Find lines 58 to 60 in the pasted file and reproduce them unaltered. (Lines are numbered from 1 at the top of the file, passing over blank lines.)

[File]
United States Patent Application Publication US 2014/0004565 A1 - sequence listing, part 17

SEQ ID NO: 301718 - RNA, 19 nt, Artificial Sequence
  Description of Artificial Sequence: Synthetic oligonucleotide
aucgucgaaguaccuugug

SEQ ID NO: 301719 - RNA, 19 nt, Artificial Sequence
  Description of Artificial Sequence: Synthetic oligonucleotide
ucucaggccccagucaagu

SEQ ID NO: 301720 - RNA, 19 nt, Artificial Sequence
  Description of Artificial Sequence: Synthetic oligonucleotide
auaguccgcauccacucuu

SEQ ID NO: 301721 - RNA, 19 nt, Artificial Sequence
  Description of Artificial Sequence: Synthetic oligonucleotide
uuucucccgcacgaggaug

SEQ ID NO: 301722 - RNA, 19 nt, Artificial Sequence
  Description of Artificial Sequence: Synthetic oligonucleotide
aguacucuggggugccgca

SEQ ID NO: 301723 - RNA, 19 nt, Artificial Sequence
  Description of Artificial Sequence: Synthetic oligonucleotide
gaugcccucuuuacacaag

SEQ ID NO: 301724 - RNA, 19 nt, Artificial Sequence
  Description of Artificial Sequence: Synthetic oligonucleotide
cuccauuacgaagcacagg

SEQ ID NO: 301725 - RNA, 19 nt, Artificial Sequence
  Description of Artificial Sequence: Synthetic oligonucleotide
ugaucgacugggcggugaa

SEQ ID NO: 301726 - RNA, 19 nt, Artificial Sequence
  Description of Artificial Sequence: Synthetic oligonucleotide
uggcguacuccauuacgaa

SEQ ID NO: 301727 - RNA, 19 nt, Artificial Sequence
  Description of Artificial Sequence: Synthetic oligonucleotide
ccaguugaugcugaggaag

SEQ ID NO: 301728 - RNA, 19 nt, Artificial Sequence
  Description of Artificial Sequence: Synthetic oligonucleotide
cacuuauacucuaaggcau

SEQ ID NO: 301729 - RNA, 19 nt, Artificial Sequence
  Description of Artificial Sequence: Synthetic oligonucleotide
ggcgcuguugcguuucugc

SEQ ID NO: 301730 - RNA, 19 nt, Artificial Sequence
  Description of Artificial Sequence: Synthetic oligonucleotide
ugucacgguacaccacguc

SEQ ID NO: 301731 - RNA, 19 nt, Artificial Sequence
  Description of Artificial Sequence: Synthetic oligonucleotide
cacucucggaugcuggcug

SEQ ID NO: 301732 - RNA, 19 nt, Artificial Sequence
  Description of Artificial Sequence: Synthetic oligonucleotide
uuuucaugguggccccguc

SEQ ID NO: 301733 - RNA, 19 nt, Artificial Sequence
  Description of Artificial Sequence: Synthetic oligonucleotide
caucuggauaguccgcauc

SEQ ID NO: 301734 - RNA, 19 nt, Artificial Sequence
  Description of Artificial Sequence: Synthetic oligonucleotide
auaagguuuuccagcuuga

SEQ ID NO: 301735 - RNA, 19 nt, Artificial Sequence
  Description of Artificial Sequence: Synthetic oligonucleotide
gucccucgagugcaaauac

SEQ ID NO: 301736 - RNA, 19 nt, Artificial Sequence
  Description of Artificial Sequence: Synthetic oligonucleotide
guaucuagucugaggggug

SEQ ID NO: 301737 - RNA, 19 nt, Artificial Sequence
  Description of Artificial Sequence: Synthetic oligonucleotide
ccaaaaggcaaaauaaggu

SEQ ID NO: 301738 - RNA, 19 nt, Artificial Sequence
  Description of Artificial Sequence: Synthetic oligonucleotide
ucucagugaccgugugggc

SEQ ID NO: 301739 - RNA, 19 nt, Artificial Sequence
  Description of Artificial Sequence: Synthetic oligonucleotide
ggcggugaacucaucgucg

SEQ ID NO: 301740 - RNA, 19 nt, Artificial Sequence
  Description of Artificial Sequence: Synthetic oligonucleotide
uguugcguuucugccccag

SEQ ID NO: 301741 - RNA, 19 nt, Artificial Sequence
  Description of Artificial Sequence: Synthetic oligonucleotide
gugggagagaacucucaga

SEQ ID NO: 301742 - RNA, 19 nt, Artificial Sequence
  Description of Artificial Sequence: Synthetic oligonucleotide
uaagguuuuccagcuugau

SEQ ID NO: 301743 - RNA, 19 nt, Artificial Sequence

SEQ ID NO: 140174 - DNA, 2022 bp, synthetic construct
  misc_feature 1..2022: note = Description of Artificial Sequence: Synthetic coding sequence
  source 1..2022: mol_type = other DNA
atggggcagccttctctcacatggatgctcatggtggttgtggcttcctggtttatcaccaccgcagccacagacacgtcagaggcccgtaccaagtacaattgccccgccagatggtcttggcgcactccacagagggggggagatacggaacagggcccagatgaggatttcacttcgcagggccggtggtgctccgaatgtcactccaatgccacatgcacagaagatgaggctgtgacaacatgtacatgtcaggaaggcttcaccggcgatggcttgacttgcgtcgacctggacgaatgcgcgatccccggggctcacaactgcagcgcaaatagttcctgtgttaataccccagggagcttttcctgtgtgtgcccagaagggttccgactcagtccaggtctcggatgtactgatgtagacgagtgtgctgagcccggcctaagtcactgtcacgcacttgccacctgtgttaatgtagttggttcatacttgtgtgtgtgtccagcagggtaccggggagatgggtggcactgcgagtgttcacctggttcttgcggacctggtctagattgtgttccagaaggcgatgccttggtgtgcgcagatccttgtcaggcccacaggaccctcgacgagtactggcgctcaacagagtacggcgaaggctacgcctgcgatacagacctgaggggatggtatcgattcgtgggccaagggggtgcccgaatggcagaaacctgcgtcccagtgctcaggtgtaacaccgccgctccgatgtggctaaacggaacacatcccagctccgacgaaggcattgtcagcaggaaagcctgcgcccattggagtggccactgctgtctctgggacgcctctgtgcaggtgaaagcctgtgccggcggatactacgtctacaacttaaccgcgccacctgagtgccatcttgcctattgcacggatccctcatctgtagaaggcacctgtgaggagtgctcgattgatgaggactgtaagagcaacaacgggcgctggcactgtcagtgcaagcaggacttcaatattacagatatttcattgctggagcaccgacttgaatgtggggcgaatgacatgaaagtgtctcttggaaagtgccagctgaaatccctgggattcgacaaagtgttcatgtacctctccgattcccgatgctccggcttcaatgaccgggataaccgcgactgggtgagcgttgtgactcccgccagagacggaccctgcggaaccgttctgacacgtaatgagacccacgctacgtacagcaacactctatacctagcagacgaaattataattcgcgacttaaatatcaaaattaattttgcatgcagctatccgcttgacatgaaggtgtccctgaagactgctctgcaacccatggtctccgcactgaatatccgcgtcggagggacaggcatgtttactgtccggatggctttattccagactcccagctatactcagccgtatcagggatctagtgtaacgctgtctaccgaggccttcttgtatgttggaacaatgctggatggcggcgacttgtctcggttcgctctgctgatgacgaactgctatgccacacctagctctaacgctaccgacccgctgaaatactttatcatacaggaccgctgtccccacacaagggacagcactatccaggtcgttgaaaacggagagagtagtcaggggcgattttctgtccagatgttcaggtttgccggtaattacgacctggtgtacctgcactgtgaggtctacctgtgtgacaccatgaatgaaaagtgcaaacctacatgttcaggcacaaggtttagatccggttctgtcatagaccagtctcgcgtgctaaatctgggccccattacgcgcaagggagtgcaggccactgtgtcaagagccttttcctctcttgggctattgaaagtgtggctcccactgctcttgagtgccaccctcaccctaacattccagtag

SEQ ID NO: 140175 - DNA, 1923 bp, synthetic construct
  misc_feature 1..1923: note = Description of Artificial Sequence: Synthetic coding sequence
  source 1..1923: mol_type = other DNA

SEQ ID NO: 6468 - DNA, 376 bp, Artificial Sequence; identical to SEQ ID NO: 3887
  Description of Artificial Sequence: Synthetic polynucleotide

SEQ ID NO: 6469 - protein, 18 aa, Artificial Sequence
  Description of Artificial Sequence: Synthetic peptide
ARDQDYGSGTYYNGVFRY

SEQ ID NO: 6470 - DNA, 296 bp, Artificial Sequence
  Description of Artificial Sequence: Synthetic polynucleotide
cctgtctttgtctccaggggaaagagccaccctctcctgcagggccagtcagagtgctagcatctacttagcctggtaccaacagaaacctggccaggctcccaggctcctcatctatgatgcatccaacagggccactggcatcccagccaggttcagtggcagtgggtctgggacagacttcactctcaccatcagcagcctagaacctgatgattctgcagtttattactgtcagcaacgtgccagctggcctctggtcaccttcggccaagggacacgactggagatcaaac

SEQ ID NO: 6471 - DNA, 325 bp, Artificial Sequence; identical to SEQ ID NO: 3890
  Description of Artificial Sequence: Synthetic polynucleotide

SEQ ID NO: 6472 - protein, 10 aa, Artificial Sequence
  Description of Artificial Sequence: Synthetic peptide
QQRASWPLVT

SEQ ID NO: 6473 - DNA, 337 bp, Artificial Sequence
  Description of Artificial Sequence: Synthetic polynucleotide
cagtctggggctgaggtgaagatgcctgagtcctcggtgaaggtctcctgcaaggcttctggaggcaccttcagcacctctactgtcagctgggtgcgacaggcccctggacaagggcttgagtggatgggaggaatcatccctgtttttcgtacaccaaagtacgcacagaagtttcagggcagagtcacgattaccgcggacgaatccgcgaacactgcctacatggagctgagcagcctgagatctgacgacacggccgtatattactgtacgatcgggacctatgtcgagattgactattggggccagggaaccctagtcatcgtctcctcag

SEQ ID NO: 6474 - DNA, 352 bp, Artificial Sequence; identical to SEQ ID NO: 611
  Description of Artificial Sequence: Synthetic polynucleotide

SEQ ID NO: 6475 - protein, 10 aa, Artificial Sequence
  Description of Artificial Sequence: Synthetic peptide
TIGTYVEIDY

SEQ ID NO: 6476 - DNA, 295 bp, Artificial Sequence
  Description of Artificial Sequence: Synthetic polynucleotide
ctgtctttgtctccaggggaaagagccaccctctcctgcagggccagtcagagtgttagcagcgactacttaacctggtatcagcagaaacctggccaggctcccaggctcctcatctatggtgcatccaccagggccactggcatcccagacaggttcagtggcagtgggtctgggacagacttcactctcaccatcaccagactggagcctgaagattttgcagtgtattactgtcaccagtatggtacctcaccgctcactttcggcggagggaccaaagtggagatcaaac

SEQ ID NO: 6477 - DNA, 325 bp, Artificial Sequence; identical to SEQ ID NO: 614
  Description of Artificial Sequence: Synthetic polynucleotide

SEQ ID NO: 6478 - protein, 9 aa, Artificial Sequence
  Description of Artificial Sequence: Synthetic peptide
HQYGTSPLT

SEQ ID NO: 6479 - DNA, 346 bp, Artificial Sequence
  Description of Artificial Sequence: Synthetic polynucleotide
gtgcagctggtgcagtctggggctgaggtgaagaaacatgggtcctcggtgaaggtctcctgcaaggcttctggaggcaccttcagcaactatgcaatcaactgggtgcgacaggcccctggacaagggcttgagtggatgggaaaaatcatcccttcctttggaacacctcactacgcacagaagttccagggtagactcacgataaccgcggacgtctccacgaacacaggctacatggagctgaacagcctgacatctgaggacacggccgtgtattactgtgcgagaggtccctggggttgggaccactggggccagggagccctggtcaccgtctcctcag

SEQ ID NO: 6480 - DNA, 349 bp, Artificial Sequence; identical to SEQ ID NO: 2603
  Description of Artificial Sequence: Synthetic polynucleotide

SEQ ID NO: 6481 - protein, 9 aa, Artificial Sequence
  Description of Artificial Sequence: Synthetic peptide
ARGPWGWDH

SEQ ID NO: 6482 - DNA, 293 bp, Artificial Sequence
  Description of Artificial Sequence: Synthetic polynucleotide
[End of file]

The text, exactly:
guaucuagucugaggggug

SEQ ID NO: 301737 - RNA, 19 nt, Artificial Sequence
  Description of Artificial Sequence: Synthetic oligonucleotide